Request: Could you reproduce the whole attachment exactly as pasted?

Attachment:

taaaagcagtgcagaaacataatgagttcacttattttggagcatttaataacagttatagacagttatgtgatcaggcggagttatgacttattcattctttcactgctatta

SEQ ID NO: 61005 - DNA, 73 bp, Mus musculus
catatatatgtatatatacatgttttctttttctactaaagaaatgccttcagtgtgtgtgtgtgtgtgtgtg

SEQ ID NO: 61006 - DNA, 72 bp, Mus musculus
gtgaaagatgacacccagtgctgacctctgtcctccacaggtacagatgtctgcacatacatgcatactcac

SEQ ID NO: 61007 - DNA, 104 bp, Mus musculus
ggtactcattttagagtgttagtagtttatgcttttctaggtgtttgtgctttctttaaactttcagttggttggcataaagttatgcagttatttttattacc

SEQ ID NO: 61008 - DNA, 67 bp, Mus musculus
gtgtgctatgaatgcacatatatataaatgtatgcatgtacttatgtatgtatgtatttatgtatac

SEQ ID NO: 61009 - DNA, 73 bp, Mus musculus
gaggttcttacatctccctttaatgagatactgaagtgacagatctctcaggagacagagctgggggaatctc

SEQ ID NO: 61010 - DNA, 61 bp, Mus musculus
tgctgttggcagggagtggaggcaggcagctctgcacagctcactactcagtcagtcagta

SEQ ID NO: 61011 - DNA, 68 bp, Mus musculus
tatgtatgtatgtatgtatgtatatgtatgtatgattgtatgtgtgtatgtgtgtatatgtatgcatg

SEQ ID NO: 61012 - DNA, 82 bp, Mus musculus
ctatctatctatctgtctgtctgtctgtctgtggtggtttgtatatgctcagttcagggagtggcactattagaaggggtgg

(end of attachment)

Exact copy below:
taaaagcagtgcagaaacataatgagttcacttattttggagcatttaataacagttatagacagttatgtgatcaggcggagttatgacttattcattctttcactgctatta

SEQ ID NO: 61005 - DNA, 73 bp, Mus musculus
catatatatgtatatatacatgttttctttttctactaaagaaatgccttcagtgtgtgtgtgtgtgtgtgtg

SEQ ID NO: 61006 - DNA, 72 bp, Mus musculus
gtgaaagatgacacccagtgctgacctctgtcctccacaggtacagatgtctgcacatacatgcatactcac

SEQ ID NO: 61007 - DNA, 104 bp, Mus musculus
ggtactcattttagagtgttagtagtttatgcttttctaggtgtttgtgctttctttaaactttcagttggttggcataaagttatgcagttatttttattacc

SEQ ID NO: 61008 - DNA, 67 bp, Mus musculus
gtgtgctatgaatgcacatatatataaatgtatgcatgtacttatgtatgtatgtatttatgtatac

SEQ ID NO: 61009 - DNA, 73 bp, Mus musculus
gaggttcttacatctccctttaatgagatactgaagtgacagatctctcaggagacagagctgggggaatctc

SEQ ID NO: 61010 - DNA, 61 bp, Mus musculus
tgctgttggcagggagtggaggcaggcagctctgcacagctcactactcagtcagtcagta

SEQ ID NO: 61011 - DNA, 68 bp, Mus musculus
tatgtatgtatgtatgtatgtatatgtatgtatgattgtatgtgtgtatgtgtgtatatgtatgcatg

SEQ ID NO: 61012 - DNA, 82 bp, Mus musculus
ctatctatctatctgtctgtctgtctgtctgtggtggtttgtatatgctcagttcagggagtggcactattagaaggggtgg